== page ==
The Treasury’s short-term borrowing costs have dropped to a 69-month low, reflecting the prevailing low interest regime touched off by legal caps on loan charges.
Rate controls, much opposed by the Bretton Woods, have seen banks significantly cut loans to small businesses and homes perceived as risky customers in favour of relatively risk-free government securities.
Yields on the benchmark three-month Treasury bills fell for the sixth straight week to an average 7.25 percent at the auction last Thursday.
That was the lowest rate since March 14 (6.84 percent) when the returns to investors lending cash for three months sunk to a low last seen in late July 2013.
The Central Bank of Kenya (CBK) sold the 182-day T-bills for an average 7.96 percent, the first time the rate has slipped below eight percent since August 1, 2013 auction when it averaged 6.87 percent.
The CBK, the government’s fiscal agent, further accepted one-year bids for 9.32 percent, which was unchanged from the previous week’s but still marked the lowest yield since the auction on July 18, 2013 (9.06 percent).
Cash-rich firms, largely banks, use T-bills auctions as cash management instruments besides generating returns.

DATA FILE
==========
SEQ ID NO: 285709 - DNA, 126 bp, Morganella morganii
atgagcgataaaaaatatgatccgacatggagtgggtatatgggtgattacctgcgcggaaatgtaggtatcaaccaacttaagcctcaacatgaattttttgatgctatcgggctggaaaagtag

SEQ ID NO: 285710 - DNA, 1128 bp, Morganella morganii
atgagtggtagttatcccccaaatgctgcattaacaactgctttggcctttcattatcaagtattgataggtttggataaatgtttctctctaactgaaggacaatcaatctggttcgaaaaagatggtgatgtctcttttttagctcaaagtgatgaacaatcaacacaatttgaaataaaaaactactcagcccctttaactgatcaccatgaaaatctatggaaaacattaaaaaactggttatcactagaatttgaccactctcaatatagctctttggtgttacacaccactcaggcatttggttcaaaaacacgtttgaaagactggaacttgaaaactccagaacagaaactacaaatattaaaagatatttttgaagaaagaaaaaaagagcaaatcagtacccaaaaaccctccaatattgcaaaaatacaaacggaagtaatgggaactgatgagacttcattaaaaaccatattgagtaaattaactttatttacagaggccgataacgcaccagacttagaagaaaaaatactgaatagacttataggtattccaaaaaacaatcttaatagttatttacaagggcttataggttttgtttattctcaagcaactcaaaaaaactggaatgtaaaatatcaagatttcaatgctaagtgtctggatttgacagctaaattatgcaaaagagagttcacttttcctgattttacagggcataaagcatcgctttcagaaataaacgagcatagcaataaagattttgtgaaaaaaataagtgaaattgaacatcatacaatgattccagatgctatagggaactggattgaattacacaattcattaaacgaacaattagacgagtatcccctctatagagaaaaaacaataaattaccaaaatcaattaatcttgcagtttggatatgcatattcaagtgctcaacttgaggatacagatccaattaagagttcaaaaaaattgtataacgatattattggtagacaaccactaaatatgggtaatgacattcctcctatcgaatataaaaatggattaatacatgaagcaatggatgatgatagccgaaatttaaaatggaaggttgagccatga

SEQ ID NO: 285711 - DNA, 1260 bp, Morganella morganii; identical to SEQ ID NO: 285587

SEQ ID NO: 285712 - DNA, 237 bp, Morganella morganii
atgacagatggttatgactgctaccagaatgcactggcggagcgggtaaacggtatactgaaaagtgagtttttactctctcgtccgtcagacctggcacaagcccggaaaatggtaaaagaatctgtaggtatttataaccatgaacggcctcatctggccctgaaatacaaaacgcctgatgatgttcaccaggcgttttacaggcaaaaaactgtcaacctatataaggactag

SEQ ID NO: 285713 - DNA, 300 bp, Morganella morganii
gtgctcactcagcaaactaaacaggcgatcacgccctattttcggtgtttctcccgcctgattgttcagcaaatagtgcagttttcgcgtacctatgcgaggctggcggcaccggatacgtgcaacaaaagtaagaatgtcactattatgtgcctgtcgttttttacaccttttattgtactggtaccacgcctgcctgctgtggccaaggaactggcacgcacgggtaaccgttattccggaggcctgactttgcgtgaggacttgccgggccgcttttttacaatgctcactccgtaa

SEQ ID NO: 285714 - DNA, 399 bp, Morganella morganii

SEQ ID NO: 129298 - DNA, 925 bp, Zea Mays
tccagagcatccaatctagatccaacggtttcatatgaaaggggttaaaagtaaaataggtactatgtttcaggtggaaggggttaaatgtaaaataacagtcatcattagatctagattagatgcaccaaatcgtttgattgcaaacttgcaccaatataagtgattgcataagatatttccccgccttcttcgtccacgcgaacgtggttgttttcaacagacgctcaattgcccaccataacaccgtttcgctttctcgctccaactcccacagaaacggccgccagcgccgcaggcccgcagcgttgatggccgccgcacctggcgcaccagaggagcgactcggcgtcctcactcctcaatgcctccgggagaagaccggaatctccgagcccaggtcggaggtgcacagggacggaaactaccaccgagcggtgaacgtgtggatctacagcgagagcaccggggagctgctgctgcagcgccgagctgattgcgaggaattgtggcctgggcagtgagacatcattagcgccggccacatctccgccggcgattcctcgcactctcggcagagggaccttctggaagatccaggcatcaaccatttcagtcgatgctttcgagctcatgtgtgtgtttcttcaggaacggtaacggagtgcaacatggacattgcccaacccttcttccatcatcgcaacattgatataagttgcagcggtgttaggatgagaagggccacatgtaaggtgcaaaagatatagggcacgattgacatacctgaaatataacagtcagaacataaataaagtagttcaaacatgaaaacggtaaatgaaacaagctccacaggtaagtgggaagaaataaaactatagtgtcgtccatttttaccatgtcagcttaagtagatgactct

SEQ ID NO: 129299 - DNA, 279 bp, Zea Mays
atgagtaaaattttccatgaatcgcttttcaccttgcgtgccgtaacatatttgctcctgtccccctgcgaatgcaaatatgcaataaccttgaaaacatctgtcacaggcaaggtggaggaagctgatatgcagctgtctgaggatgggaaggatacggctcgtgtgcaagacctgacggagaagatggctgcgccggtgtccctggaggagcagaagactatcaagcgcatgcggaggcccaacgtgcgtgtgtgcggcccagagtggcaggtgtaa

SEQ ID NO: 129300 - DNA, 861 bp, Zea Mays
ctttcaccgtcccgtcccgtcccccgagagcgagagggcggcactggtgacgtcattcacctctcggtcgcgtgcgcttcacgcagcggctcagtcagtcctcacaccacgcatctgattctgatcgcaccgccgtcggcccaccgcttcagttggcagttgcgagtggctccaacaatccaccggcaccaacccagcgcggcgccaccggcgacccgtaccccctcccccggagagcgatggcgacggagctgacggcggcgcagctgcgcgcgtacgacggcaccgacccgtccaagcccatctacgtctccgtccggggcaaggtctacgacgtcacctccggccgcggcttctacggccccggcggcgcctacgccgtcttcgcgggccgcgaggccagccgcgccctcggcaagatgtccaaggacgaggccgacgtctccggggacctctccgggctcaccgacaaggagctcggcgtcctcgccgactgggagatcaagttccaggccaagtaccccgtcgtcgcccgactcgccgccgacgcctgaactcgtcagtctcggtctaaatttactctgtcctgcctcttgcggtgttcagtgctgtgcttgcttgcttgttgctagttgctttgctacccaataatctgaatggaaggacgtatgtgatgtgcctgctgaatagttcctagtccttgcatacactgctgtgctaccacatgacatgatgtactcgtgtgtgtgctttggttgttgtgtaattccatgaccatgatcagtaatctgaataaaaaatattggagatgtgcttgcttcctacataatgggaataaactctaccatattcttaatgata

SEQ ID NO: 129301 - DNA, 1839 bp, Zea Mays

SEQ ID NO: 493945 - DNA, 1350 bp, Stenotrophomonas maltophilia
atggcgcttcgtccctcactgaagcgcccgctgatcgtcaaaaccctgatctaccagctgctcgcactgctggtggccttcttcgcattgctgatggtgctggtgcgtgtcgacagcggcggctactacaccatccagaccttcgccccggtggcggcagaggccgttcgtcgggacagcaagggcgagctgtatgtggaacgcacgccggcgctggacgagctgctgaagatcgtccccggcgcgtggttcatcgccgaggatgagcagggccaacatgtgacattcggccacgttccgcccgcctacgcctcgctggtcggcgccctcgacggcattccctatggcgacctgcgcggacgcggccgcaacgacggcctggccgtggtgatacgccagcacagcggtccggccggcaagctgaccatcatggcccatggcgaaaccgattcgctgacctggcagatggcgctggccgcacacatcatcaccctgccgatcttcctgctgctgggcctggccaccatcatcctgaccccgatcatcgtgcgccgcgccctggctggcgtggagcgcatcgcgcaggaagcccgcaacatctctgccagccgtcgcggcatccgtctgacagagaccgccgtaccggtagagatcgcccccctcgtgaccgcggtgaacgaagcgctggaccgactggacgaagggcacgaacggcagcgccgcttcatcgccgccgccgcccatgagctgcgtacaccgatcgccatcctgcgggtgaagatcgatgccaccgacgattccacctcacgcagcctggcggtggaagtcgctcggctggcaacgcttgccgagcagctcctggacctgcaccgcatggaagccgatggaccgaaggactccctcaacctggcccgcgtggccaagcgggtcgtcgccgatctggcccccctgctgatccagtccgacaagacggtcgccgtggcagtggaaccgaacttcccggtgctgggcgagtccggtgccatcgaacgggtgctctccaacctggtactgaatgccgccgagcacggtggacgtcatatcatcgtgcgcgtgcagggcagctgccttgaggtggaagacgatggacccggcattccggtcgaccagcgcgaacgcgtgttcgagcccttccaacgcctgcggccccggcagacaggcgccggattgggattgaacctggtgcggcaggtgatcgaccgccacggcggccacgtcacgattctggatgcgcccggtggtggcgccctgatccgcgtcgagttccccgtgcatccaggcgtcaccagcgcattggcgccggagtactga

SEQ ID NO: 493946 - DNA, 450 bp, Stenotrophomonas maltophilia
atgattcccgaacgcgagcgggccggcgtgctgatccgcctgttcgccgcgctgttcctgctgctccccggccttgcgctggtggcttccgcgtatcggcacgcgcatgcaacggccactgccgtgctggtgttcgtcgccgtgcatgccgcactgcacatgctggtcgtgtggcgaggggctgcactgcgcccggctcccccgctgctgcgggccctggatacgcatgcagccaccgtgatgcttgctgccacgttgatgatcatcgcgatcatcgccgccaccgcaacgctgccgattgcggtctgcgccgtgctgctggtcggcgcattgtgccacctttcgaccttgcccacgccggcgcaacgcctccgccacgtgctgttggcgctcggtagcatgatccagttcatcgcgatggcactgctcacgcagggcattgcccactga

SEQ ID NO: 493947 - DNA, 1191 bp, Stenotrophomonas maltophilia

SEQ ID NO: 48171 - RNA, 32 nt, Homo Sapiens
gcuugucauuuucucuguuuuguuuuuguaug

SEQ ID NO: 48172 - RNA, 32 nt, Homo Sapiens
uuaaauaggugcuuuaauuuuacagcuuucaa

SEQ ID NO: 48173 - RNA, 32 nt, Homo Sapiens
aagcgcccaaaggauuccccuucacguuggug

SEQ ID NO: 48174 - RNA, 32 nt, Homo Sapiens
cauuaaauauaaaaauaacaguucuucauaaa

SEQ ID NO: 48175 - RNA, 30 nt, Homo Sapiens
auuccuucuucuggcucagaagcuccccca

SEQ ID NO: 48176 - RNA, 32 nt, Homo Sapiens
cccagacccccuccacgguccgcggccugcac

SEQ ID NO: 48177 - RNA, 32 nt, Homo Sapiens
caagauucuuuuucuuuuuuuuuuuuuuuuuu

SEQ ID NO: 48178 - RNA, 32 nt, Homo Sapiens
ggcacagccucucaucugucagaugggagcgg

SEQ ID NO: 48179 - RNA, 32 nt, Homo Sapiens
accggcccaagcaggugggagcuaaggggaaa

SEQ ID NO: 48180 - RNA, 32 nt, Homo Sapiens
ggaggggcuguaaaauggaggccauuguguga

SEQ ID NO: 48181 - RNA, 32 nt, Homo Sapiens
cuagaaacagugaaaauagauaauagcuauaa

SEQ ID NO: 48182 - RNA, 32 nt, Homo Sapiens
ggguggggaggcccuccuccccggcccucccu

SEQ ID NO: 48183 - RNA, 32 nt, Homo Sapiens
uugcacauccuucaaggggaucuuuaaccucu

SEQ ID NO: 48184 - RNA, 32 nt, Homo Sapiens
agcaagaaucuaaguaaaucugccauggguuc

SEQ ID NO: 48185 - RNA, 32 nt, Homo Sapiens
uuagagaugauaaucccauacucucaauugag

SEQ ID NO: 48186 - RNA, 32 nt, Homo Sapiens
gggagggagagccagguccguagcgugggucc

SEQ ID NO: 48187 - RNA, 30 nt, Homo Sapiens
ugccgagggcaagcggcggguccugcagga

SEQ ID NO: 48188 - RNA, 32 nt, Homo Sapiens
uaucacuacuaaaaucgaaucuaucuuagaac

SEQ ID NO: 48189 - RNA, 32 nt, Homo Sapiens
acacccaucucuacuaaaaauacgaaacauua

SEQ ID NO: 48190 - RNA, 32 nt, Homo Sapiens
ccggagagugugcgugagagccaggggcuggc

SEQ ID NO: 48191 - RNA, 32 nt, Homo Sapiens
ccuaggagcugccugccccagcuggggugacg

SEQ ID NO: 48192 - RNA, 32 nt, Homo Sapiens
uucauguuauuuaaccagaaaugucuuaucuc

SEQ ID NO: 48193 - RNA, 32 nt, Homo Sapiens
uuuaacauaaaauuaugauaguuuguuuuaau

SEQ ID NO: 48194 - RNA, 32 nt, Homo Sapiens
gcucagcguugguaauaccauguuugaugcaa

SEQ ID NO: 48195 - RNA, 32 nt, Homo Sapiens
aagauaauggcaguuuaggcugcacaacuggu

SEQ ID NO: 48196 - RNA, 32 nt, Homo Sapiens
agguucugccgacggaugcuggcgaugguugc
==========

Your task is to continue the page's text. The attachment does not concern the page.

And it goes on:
“The biggest investors in Treasury bills (banks) don’t have a choice,” Kenneth Minjire, head of fixed-income securities at investment banker Genghis Capital,” said.
“There are no short-term papers in the secondary market and you are not lending, so the only option is government securities. You will rather be earning seven percent on depositor’s money than earning zero.”
Analysts at Cytonn said they also expect the relatively lower yields on short-term government debt to persist at least in the near term.
“(This is due to) the discipline of the CBK in stabilising interest rates in the auction market by rejecting aggressive bids that are priced above market, for both T-bills and T-bonds and the maintaining of the Central Bank Rate at 9.0 percent set by the Monetary Policy Committee in their March 2019 meeting,” Cytonn analysts wrote in this week’s report.
Tight liquidity as a result of quarterly tax payments, which usually peaks from April 20, however, saw bids for T-bills fall to 48.96 percent from 113.78 percent, the first time subscription fell below 50 percent since 23.78 percent level during the sale on December 13, 2018.
The tight market, reflected in the interbank rate which hit 6.22 percent on Monday, is likely to persist as the banks gear up to next cash reserve ratio cycle.
The lenders are required to maintain an average of 5.25 percent of their total deposits daily in their accounts with the CBK for a month that ends on 14th.